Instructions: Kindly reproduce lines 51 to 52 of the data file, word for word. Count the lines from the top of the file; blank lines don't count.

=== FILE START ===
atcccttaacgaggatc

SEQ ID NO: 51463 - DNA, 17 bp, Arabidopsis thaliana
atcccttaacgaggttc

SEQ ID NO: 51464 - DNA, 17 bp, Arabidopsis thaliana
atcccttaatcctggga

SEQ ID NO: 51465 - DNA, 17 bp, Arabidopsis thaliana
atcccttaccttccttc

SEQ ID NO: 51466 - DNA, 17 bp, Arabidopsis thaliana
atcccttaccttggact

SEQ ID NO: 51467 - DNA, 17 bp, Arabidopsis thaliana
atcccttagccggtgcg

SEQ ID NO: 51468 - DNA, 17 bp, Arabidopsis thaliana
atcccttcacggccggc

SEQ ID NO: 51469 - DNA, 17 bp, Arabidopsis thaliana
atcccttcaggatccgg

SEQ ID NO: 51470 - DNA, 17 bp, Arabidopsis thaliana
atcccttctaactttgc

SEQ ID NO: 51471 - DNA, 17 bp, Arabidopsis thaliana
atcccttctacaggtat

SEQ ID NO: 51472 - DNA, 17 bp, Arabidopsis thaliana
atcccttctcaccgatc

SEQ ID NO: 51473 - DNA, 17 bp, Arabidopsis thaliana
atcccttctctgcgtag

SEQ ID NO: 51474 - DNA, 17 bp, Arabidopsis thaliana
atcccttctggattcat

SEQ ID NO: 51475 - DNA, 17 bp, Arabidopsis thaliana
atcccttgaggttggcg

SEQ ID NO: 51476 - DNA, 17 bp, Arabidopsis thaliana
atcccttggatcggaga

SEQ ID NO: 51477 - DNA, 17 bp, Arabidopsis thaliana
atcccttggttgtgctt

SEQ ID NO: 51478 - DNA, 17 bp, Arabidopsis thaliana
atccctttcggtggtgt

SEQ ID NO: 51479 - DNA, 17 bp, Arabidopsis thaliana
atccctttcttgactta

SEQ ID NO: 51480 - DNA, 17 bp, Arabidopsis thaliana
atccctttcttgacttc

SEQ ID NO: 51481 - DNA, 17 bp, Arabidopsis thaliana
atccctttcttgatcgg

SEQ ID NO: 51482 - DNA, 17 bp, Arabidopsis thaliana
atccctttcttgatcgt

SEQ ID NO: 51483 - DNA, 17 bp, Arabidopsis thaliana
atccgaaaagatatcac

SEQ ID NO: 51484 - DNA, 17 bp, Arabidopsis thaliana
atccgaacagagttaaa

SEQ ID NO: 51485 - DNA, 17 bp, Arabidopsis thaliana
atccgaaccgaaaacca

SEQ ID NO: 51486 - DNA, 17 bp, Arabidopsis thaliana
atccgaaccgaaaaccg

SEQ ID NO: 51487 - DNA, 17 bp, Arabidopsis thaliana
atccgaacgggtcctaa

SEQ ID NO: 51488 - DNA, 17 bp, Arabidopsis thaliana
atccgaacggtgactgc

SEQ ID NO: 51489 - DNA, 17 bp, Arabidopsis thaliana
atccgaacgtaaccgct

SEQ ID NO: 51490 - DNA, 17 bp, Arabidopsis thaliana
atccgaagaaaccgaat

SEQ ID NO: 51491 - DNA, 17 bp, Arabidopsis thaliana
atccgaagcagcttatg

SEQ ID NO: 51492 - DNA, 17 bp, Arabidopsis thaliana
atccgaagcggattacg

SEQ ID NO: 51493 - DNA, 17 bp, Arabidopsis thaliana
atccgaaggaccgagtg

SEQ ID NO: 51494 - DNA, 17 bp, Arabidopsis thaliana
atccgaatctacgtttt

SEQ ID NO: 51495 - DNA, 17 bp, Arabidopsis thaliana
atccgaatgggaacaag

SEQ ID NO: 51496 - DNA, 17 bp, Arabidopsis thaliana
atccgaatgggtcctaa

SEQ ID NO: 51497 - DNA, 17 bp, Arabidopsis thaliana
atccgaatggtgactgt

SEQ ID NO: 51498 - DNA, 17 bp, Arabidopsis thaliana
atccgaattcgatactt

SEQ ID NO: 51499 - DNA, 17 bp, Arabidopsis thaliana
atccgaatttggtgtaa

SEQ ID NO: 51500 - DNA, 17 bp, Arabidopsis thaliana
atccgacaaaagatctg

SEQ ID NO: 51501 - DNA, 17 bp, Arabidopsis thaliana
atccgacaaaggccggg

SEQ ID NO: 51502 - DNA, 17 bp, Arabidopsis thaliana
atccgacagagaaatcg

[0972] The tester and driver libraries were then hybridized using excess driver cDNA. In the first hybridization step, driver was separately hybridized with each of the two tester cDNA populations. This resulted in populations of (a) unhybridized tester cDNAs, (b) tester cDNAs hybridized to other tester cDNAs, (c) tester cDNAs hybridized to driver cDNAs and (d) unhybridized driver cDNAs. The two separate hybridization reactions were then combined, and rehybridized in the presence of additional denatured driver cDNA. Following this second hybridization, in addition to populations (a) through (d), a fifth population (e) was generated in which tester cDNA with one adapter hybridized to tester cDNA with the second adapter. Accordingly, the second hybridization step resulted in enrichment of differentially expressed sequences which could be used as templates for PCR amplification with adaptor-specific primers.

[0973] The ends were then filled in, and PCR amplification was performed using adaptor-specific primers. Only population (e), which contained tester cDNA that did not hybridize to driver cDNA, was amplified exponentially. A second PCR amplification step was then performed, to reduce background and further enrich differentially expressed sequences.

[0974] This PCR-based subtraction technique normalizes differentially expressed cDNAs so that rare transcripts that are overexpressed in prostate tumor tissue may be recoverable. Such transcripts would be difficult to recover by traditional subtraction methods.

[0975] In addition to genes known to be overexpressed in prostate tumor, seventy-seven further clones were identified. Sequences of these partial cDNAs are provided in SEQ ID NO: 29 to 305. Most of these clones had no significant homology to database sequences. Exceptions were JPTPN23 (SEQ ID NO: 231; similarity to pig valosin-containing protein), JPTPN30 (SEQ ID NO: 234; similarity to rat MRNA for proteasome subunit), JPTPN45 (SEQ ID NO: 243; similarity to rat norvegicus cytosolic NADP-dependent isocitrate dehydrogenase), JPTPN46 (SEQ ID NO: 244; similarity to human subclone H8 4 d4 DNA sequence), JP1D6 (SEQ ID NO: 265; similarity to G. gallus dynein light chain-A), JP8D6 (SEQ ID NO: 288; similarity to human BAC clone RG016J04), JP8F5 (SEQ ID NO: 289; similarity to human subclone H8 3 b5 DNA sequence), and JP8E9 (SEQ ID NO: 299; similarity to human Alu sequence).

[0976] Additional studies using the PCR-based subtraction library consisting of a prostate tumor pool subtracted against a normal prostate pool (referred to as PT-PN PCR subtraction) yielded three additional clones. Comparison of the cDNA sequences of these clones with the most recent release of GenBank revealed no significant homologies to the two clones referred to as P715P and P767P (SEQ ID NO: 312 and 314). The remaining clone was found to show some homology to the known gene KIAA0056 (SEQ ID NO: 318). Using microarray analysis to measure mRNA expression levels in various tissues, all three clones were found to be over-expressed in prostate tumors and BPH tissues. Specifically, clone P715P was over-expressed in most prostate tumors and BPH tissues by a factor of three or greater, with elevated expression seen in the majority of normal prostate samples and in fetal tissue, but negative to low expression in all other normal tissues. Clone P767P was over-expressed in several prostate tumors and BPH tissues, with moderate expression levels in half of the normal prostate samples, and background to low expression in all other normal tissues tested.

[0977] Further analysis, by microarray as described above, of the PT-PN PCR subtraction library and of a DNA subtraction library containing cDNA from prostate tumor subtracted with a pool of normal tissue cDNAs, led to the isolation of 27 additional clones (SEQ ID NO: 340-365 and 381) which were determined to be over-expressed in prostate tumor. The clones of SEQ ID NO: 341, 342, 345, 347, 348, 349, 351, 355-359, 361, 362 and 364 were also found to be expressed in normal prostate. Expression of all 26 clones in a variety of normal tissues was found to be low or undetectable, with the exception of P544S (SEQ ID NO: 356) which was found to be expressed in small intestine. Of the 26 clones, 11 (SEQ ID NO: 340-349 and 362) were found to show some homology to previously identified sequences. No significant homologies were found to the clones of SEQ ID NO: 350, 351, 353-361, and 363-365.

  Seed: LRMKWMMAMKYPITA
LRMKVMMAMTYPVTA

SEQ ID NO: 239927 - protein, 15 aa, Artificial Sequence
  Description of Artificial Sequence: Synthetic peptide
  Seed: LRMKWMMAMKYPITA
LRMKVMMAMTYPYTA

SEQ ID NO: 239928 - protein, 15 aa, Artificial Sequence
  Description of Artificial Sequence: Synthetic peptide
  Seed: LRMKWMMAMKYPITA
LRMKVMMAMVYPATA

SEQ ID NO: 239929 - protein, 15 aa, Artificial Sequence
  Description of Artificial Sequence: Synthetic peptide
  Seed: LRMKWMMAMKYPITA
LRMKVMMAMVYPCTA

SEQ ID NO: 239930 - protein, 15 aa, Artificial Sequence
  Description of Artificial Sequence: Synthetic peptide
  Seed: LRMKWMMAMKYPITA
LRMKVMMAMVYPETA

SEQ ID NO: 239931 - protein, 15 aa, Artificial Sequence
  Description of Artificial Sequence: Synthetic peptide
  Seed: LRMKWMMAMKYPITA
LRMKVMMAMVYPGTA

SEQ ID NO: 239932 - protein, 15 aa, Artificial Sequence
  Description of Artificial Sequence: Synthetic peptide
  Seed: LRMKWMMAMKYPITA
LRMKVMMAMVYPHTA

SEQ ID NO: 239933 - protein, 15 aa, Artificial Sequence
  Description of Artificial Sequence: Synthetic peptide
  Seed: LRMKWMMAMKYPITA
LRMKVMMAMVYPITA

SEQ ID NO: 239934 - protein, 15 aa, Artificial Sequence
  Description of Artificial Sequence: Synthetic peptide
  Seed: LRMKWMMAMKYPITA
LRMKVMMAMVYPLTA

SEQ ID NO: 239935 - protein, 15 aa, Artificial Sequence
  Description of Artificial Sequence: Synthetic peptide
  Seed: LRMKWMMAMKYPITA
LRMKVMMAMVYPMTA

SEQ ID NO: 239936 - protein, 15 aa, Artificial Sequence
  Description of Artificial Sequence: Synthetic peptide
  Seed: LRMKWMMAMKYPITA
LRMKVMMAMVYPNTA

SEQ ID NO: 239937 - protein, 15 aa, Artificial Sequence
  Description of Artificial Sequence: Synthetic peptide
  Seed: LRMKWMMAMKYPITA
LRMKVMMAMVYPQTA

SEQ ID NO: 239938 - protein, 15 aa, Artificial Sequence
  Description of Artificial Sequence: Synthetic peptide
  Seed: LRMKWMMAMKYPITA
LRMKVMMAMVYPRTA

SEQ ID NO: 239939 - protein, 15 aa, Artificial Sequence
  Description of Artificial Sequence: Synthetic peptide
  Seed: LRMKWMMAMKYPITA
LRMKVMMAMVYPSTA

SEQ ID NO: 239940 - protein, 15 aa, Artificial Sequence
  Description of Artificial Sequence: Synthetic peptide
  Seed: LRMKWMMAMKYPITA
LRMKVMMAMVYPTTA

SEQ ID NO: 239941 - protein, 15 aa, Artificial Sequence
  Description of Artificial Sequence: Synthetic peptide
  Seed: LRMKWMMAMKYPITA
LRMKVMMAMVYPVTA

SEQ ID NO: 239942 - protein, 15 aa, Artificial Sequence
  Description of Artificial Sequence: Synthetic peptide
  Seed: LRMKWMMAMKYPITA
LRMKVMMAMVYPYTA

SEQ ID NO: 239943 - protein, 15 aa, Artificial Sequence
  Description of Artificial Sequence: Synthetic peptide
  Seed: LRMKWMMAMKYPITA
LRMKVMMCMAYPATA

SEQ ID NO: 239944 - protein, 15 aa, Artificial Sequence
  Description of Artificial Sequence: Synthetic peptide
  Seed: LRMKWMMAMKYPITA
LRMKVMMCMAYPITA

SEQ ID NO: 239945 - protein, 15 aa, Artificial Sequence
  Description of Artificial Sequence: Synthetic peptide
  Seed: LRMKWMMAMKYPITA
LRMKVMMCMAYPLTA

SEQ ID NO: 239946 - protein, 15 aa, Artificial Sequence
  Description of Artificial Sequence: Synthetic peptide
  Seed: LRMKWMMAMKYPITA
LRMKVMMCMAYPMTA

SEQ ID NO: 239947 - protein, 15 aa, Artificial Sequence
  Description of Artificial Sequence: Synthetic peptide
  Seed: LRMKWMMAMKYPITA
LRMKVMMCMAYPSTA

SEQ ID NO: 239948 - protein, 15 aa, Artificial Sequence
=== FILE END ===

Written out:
atccgaacgggtcctaa

SEQ ID NO: 51488 - DNA, 17 bp, Arabidopsis thaliana